As a result, operators of dispensaries in California and elsewhere who maintain they were operating under state law have been raided by the Drug Enforcement Administration and charged under federal drug laws.
Such prosecutions have been controversial, with patients and supporters of the dispensaries complaining that operators embraced by their own communities were unfairly targeted. Thom Mrozek, a spokesman for O'Brien, has said that prosecutors target people they consider egregious offenders, such as those accused of selling drugs to minors or proprietors with past drug convictions.
One high-profile case went to trial in U.S. District Court in Los Angeles last summer. Charles Lynch, who sought and received the blessing of elected officials in Morro Bay before opening a dispensary in that Central Coast community in 2006, was charged with distributing more than 100 kilos of marijuana.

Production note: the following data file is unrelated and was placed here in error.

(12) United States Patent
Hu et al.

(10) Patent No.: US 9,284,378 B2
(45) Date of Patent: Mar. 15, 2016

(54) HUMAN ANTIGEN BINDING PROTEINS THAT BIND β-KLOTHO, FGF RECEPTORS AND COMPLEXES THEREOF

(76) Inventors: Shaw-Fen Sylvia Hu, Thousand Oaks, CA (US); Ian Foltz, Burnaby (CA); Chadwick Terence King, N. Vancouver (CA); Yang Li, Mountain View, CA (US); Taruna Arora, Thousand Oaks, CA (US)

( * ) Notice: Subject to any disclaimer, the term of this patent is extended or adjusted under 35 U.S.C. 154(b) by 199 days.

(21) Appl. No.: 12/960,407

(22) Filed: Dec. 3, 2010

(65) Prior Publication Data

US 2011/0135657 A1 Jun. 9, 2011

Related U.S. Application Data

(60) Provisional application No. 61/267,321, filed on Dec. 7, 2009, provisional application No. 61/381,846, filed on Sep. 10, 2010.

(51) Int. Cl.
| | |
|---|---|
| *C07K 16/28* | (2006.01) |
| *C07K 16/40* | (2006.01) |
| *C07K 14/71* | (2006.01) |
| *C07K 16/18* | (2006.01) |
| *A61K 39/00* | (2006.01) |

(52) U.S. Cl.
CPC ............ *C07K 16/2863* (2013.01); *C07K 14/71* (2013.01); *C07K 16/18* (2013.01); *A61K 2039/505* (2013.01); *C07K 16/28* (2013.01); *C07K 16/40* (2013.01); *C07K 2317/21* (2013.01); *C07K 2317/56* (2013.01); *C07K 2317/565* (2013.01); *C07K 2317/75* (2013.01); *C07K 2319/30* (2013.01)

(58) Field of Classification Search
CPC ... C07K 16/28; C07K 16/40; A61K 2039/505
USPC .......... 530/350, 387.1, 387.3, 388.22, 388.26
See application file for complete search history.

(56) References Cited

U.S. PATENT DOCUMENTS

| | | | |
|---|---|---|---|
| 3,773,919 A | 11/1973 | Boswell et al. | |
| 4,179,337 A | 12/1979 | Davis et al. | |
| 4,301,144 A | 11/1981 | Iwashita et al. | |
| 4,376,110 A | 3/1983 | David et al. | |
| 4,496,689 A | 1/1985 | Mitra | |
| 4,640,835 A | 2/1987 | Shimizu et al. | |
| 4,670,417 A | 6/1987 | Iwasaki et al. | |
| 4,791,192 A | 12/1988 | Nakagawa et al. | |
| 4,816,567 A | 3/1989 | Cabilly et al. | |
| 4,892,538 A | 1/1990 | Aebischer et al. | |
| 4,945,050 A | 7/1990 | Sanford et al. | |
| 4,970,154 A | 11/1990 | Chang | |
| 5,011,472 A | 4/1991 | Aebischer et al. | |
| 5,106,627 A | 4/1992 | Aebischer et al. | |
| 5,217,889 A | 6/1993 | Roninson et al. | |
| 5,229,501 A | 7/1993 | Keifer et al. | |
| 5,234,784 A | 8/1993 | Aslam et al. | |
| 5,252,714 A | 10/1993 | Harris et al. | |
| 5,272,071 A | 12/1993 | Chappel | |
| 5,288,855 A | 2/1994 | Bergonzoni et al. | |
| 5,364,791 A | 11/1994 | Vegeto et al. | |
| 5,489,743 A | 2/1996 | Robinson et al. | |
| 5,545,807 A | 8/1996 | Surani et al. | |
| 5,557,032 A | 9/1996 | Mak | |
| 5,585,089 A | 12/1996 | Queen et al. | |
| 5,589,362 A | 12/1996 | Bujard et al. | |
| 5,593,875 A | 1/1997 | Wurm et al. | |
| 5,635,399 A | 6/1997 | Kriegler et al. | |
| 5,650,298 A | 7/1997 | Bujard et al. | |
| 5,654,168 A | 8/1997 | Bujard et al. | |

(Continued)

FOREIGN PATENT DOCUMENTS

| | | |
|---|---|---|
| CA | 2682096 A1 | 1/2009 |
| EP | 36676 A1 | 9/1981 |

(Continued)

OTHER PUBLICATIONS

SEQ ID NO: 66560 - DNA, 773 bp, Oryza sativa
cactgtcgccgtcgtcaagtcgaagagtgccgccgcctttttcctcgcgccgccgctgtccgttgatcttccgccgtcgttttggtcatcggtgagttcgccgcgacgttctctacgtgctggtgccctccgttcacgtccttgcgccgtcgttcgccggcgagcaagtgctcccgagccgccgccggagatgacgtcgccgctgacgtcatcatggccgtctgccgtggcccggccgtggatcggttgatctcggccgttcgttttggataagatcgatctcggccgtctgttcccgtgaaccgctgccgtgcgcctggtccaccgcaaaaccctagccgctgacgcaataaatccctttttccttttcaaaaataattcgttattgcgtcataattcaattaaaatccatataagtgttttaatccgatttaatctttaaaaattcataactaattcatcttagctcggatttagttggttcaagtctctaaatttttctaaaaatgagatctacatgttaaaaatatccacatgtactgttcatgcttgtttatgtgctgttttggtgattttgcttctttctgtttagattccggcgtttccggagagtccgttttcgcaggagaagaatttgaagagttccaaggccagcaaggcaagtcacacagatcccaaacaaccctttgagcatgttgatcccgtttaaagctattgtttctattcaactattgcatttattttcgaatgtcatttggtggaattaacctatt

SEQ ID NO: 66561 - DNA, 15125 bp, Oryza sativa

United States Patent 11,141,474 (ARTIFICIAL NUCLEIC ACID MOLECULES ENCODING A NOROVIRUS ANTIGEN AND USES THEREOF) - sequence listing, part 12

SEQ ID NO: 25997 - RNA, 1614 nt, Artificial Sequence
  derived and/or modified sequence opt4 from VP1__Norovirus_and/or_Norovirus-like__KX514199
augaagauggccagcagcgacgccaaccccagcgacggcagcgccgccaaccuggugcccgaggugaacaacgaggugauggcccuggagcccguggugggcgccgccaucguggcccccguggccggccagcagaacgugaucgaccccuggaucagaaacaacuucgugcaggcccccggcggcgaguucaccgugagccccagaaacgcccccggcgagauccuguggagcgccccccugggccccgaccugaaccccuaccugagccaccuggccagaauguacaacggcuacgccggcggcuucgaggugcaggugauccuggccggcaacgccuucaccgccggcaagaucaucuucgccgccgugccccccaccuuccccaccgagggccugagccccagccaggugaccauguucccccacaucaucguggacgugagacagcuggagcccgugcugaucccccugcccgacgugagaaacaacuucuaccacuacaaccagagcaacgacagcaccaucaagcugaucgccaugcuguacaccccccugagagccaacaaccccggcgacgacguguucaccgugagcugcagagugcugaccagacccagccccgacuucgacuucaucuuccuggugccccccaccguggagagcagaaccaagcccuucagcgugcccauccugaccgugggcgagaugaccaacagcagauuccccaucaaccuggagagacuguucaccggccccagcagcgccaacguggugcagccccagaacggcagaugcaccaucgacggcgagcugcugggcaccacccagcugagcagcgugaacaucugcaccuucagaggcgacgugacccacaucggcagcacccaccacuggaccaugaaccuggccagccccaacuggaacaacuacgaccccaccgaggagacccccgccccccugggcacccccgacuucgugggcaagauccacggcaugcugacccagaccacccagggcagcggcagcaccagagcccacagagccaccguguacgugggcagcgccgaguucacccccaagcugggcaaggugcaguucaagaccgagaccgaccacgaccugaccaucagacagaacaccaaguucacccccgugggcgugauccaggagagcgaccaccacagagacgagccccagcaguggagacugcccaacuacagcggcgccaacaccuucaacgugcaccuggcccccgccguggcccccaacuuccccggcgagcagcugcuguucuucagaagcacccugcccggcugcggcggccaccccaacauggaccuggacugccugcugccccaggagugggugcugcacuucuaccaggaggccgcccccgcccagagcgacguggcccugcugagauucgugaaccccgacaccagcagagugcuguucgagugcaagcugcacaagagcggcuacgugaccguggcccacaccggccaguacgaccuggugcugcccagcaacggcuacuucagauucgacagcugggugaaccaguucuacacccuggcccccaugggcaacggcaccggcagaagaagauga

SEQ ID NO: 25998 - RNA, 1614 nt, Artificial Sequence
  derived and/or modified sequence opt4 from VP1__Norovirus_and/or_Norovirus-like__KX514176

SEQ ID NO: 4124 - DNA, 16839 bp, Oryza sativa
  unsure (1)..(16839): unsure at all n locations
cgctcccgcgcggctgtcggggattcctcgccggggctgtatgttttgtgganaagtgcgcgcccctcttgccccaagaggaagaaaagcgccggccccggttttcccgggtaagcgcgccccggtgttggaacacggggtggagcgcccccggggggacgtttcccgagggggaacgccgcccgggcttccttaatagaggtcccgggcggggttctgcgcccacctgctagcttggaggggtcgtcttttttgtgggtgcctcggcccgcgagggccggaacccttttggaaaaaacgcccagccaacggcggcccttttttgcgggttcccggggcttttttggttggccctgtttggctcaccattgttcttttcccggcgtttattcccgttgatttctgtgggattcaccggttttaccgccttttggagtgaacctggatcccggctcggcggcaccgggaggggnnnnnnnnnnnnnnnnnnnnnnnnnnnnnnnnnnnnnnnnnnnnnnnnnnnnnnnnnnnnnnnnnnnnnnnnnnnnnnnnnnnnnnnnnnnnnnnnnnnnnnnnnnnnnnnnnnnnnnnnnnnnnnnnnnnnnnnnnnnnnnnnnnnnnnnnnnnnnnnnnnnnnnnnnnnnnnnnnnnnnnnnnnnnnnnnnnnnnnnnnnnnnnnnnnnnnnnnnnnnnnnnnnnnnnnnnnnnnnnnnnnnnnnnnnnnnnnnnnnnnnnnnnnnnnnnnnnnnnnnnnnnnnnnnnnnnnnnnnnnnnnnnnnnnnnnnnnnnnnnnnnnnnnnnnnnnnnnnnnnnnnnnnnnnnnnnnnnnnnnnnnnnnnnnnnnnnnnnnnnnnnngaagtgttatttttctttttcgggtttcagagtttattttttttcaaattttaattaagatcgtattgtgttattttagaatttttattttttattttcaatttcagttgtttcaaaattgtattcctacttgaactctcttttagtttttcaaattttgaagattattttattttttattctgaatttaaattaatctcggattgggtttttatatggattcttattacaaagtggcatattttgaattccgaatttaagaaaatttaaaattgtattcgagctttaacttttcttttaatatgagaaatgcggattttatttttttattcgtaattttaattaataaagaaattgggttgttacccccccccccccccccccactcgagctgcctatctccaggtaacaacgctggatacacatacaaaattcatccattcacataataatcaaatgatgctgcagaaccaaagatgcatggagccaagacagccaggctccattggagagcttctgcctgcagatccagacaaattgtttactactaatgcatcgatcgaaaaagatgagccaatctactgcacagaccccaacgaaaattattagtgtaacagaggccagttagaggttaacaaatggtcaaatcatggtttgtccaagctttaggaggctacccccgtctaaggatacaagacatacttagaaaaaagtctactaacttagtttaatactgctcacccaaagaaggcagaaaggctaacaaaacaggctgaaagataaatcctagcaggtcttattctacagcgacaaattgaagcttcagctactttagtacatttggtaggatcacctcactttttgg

At trial, prosecutors portrayed Lynch, 47, as a common drug dealer who sold dope to minors and toted around a backpack stuffed with cash.
Lynch and his lawyers hoped to mount a defense based on the assertion that he was providing a legitimate service to cancer patients and other severely ill people. But they were limited in doing so because the U.S. Supreme Court has concluded that because federal law trumps those of the states, why drugs are being distributed is irrelevant.
Jurors convicted Lynch on five counts, but the jury forewoman said it was not easy to do so. "We all felt Mr. Lynch intended well," Kitty Meese said after the verdict in August. "It was a tough decision for all of us because the state law and the federal law are at odds."
Lynch, who is to be sentenced later this month, is facing a mandatory minimum of five years in federal prison. His case has become something of cause celebre among medical marijuana advocates.